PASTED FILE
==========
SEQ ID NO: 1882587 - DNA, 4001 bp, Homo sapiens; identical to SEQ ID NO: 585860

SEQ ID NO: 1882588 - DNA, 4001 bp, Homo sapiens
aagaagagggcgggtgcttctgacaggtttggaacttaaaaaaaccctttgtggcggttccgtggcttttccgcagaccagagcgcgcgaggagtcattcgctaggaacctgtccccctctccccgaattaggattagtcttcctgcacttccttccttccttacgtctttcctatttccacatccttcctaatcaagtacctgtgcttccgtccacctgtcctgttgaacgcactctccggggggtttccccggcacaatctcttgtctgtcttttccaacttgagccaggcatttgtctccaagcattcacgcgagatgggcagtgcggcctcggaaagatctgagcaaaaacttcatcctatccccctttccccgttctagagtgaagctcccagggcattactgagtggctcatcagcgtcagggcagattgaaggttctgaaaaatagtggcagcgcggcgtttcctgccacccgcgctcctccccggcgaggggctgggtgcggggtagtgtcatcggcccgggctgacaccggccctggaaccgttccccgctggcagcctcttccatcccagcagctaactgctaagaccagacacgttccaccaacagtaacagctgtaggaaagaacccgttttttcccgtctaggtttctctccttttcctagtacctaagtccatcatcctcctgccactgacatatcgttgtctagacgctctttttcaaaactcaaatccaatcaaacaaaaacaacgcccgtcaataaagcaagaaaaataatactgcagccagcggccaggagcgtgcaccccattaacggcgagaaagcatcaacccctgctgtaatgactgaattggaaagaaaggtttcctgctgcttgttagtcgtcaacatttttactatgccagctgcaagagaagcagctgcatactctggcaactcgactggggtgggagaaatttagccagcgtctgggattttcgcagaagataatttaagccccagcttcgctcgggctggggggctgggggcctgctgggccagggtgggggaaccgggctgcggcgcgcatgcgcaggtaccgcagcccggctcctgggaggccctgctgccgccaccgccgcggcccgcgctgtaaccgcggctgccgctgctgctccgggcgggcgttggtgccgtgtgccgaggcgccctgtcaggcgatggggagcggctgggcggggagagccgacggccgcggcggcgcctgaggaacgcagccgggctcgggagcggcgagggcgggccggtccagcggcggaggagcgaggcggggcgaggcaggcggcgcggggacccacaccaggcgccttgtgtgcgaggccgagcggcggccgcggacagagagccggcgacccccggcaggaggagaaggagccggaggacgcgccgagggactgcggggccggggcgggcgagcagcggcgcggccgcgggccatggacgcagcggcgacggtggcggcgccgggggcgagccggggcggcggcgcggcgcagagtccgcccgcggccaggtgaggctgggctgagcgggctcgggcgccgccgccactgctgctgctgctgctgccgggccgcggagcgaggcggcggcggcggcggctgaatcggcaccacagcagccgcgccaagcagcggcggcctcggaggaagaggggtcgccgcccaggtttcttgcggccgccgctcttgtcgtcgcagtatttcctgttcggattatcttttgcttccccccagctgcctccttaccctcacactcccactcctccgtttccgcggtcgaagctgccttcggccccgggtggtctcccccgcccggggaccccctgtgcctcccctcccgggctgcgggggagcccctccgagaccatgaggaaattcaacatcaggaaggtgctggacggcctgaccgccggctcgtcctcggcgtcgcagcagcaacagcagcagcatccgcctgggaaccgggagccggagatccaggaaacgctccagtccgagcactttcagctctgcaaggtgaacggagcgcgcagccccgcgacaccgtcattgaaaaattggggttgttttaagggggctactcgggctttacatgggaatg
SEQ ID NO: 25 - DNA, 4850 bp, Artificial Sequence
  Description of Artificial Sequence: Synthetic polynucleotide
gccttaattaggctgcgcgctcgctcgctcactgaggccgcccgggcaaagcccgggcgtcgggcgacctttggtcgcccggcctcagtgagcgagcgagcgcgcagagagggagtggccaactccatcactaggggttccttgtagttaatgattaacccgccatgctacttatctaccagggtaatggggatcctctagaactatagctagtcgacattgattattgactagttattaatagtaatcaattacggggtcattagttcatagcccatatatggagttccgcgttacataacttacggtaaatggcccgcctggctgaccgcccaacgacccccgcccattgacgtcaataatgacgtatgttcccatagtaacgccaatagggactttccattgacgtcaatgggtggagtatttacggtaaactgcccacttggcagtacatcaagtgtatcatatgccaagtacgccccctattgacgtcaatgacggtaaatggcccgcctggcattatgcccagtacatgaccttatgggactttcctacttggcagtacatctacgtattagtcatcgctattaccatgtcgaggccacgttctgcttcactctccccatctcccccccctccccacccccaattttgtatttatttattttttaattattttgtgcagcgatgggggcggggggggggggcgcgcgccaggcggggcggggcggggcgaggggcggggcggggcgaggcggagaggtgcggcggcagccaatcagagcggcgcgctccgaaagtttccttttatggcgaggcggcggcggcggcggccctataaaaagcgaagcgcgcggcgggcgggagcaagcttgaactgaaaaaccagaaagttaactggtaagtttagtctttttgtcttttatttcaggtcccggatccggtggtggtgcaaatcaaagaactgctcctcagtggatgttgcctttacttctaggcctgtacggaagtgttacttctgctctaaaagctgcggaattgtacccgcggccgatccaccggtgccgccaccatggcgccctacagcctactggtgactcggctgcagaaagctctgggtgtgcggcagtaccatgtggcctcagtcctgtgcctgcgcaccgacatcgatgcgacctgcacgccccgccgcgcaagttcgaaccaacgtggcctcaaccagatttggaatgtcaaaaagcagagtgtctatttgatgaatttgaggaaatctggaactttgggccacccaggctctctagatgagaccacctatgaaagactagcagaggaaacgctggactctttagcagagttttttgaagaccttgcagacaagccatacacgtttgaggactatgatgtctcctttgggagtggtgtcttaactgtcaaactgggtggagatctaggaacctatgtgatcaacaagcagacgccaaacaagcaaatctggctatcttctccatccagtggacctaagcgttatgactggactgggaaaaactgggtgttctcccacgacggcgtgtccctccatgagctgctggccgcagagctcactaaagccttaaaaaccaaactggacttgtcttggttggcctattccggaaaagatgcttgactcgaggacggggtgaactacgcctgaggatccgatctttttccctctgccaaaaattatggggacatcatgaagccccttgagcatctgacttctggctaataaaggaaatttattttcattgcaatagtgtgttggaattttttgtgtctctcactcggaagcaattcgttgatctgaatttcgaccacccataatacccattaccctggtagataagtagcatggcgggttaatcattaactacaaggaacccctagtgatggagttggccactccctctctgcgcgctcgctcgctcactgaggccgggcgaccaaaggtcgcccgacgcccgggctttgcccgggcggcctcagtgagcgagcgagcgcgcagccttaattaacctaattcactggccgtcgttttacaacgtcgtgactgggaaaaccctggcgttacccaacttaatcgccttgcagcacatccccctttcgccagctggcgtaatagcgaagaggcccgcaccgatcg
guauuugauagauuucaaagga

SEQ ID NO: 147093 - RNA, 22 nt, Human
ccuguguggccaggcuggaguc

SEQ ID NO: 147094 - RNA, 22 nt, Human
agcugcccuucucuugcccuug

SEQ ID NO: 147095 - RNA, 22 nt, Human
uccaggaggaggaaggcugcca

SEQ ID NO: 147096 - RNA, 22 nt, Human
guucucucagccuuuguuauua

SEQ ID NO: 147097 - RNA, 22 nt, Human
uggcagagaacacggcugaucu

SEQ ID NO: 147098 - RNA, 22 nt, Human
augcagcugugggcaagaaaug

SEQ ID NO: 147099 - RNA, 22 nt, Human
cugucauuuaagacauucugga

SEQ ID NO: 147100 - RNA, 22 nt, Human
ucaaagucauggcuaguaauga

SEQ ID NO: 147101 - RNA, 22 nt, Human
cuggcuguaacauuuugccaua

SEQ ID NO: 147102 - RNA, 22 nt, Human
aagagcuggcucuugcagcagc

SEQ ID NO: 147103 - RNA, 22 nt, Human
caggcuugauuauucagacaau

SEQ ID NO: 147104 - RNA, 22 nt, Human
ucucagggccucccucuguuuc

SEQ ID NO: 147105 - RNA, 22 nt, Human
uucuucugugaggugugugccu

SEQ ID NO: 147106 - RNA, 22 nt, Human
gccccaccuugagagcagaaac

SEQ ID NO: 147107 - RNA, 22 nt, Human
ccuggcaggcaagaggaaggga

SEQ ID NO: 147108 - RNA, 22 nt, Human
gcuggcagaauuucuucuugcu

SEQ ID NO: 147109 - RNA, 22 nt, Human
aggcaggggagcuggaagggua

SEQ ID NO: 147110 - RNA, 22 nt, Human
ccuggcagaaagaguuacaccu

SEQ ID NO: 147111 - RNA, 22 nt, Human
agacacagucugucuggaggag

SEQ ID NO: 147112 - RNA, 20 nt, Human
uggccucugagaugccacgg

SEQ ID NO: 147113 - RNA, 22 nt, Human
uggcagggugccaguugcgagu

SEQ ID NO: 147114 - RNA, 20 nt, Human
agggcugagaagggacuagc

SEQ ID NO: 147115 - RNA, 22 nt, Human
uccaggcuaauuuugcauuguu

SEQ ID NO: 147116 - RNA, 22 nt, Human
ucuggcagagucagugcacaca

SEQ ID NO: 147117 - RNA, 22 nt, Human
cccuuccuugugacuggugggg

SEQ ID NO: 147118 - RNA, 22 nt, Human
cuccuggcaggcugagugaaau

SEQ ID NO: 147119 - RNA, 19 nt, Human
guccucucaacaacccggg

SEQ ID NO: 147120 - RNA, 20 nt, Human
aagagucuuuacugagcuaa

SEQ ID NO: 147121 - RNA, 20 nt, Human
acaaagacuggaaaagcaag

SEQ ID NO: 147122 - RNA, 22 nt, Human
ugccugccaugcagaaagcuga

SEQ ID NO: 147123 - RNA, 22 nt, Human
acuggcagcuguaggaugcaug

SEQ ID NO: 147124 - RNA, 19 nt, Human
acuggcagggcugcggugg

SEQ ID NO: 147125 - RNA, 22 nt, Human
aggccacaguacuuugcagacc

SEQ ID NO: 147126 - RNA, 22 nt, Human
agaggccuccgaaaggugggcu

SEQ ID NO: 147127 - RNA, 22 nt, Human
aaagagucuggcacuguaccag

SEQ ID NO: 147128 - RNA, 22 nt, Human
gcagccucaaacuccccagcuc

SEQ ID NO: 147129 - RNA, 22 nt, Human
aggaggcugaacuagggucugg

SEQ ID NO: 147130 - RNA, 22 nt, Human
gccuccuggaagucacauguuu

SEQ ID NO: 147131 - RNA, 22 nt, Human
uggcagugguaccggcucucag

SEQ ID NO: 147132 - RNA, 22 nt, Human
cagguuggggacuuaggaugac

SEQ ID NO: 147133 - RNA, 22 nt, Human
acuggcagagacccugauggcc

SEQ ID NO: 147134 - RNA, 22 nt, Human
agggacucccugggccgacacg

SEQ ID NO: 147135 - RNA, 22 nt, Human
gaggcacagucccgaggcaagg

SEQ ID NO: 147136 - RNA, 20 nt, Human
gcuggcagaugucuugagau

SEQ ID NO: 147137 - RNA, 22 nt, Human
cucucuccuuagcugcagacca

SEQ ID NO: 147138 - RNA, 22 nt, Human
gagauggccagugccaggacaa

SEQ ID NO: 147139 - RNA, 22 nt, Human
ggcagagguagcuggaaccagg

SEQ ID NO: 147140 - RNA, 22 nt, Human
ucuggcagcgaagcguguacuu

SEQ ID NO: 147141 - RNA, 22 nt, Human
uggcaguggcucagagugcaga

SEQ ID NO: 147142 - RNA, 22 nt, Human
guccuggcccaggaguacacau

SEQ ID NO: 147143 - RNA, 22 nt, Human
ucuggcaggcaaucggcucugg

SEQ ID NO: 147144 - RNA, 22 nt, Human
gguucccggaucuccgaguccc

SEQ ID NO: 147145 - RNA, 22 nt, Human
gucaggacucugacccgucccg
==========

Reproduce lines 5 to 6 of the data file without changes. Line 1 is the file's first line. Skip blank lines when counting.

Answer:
  Description of Artificial Sequence: Synthetic polynucleotide
gccttaattaggctgcgcgctcgctcgctcactgaggccgcccgggcaaagcccgggcgtcgggcgacctttggtcgcccggcctcagtgagcgagcgagcgcgcagagagggagtggccaactccatcactaggggttccttgtagttaatgattaacccgccatgctacttatctaccagggtaatggggatcctctagaactatagctagtcgacattgattattgactagttattaatagtaatcaattacggggtcattagttcatagcccatatatggagttccgcgttacataacttacggtaaatggcccgcctggctgaccgcccaacgacccccgcccattgacgtcaataatgacgtatgttcccatagtaacgccaatagggactttccattgacgtcaatgggtggagtatttacggtaaactgcccacttggcagtacatcaagtgtatcatatgccaagtacgccccctattgacgtcaatgacggtaaatggcccgcctggcattatgcccagtacatgaccttatgggactttcctacttggcagtacatctacgtattagtcatcgctattaccatgtcgaggccacgttctgcttcactctccccatctcccccccctccccacccccaattttgtatttatttattttttaattattttgtgcagcgatgggggcggggggggggggcgcgcgccaggcggggcggggcggggcgaggggcggggcggggcgaggcggagaggtgcggcggcagccaatcagagcggcgcgctccgaaagtttccttttatggcgaggcggcggcggcggcggccctataaaaagcgaagcgcgcggcgggcgggagcaagcttgaactgaaaaaccagaaagttaactggtaagtttagtctttttgtcttttatttcaggtcccggatccggtggtggtgcaaatcaaagaactgctcctcagtggatgttgcctttacttctaggcctgtacggaagtgttacttctgctctaaaagctgcggaattgtacccgcggccgatccaccggtgccgccaccatggcgccctacagcctactggtgactcggctgcagaaagctctgggtgtgcggcagtaccatgtggcctcagtcctgtgcctgcgcaccgacatcgatgcgacctgcacgccccgccgcgcaagttcgaaccaacgtggcctcaaccagatttggaatgtcaaaaagcagagtgtctatttgatgaatttgaggaaatctggaactttgggccacccaggctctctagatgagaccacctatgaaagactagcagaggaaacgctggactctttagcagagttttttgaagaccttgcagacaagccatacacgtttgaggactatgatgtctcctttgggagtggtgtcttaactgtcaaactgggtggagatctaggaacctatgtgatcaacaagcagacgccaaacaagcaaatctggctatcttctccatccagtggacctaagcgttatgactggactgggaaaaactgggtgttctcccacgacggcgtgtccctccatgagctgctggccgcagagctcactaaagccttaaaaaccaaactggacttgtcttggttggcctattccggaaaagatgcttgactcgaggacggggtgaactacgcctgaggatccgatctttttccctctgccaaaaattatggggacatcatgaagccccttgagcatctgacttctggctaataaaggaaatttattttcattgcaatagtgtgttggaattttttgtgtctctcactcggaagcaattcgttgatctgaatttcgaccacccataatacccattaccctggtagataagtagcatggcgggttaatcattaactacaaggaacccctagtgatggagttggccactccctctctgcgcgctcgctcgctcactgaggccgggcgaccaaaggtcgcccgacgcccgggctttgcccgggcggcctcagtgagcgagcgagcgcgcagccttaattaacctaattcactggccgtcgttttacaacgtcgtgactgggaaaaccctggcgttacccaacttaatcgccttgcagcacatccccctttcgccagctggcgtaatagcgaagaggcccgcaccgatcg